NOTE: I believe the IIS 6 Management Pack exhibits similar behaviors. In the interest of simplicity I am going to confine my comments to the IIS 7 Management Pack, but you should easily be able to extend the concepts if you need to.
One frequent complaint about the IIS management pack for SCOM is that it raises alerts on servers where IIS is not installed. The two alerts usually seen are “Web Management service is stopped” and “IIS 7 server role is unavailable.” These alerts are raised due to inconsistent behavior in the Microsoft.Windows.Win32ServiceInformationProvider Data Source when the service to be monitored doesn’t exist.
For more information, please see http://msdn.microsoft.com/en-us/library/jj130359.aspx
The IIS 7 Management Pack performs an initial discovery against all Windows 2008 (and 2008 R2) Server computers. It simply checks to see if the registry key HKLM\SOFTWARE\MICROSOFT\InetStp exists. If that key exists, it believes it has found the IIS 7 Server Role class, to which it applies a pair of basic service monitors that check to see if the WMSvc and IISADMIN services are running. These monitors work correctly if those services exist, but can behave unpredictably if they don’t exist.
If you add the Application Server Role to your server, it will install the Windows Process Activation Service (also known as WAS) which came from IIS, but can exist separately from IIS. Since the service came from IIS, installing it creates the HKLM\SOFTWARE\Microsoft\InetStp\Components\WASConfigurationAPI REG_DWORD. That is enough to get the IIS 7 Management Pack to believe it has discovered an IIS 7 Server Role, and apply the two service monitors mentioned above.
So what can we do about this? There are two options.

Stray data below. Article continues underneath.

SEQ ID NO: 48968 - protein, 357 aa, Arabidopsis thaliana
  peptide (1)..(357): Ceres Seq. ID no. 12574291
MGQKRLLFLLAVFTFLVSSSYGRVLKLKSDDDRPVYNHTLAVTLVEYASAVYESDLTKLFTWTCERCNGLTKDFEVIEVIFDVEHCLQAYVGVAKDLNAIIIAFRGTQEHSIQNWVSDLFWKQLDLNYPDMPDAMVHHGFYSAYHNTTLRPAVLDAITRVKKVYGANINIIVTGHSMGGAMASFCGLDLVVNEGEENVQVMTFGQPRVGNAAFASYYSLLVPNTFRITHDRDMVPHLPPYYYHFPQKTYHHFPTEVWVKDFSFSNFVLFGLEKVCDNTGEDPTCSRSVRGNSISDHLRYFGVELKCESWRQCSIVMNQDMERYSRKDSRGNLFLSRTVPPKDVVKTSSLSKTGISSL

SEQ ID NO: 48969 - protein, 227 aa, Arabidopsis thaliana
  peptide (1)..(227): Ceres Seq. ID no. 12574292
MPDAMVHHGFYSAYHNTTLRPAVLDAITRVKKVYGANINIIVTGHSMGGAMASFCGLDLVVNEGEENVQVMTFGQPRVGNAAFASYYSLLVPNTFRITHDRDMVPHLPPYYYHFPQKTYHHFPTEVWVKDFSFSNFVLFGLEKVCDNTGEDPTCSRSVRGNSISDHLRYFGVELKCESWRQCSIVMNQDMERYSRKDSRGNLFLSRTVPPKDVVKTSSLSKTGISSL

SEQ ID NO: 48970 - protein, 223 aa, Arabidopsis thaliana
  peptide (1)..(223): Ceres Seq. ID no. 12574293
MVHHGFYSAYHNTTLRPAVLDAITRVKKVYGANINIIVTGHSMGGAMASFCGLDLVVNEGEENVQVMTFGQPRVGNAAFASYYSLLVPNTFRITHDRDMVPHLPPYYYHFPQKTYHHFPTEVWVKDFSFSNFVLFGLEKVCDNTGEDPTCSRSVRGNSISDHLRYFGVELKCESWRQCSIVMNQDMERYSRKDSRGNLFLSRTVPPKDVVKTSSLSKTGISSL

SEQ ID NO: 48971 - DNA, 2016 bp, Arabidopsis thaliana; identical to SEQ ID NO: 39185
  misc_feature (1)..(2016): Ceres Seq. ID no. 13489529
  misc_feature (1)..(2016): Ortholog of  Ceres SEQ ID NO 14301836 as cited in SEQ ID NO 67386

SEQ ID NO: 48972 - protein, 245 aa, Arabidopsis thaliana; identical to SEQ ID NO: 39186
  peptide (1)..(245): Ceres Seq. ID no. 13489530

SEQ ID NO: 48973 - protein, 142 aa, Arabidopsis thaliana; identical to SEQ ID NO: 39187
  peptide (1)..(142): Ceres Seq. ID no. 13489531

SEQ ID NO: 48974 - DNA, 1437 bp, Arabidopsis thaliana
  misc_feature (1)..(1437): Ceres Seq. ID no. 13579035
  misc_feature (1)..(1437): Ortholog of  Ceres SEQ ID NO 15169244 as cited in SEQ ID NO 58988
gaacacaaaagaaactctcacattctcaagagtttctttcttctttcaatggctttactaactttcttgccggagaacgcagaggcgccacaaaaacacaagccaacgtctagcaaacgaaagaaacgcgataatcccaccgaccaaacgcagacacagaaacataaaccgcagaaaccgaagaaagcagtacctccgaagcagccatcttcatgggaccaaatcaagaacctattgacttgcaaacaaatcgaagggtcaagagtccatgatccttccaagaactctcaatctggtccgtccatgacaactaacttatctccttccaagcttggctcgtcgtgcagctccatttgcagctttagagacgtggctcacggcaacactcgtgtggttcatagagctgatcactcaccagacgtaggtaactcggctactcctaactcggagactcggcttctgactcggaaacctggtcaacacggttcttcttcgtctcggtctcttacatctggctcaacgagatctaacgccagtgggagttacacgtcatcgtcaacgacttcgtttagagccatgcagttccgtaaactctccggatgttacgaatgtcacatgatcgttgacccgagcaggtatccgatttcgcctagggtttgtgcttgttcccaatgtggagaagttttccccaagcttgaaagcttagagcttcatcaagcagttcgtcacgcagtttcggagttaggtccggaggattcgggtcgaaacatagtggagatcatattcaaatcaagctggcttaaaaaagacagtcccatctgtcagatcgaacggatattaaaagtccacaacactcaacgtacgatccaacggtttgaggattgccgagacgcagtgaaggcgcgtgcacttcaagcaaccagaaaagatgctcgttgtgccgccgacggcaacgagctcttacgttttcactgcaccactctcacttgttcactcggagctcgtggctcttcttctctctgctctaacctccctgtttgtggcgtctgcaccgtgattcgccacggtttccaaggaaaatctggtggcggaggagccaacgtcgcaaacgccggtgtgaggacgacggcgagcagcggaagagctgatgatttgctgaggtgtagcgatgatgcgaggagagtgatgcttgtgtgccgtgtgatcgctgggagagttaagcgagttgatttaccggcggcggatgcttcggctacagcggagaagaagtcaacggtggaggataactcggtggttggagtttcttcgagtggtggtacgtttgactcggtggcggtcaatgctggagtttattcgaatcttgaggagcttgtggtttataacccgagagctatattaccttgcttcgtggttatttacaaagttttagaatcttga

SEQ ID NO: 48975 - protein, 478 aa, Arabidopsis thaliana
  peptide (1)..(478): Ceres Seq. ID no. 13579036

The first option is more simple, but also more presumptuous. You can disable Microsoft.Windows.InternetInformationServices.2008.ServerRole.Discovery.Rule (IIS 7 Server Role Discovery) and replace it with a discovery that checks for any of the following REG_DWORDs exist:
Those are the services that are discovered by targeting the IIS 7 Server Role.
The other method is to extend the IIS 7 Computer Role class, and then create groups that contain instances of it where WMSvc and IISADMIN actually exist. Then use those to override the monitors. This method is more complex, but makes less invasive changes to the management pack in case a future release of the IIS 7 management pack significantly changes how discovery works. This is the method I chose.
First we need to make a custom class that extends the Microsoft.Windows.InternetInformationServices.2008.ServerRole class so we can add properties to it.
Now we add a pair of Boolean properties to the class.
The discovery is quite simple. Just make an unfiltered registry discovery that targets the IIS 7 Computer Role. We discover two Boolean attributes for the existence of SYSTEM\CurrentControlSet\services\IISADMIN\Start and SYSTEM\CurrentControlSet\services\WMSvc\Start and map those to our new class properties.
Now that we have discovered the properties, we can use them to populate our groups. I’ll spare you all the screenshots, as I am attaching an example management pack that has all of the classes, relationships, discoveries, and overrides that I am referencing.
Here’s an example of using a Boolean object property in a group populator:
The last step is four Monitor Property Overrides. Two non-enforced overrides to disable the monitors for all IIS 7 Server Roles, and two enforced overrides to re-enable them for members of our groups where we know the services exist.
A complete management pack that contains a full implementation of my solution is attached.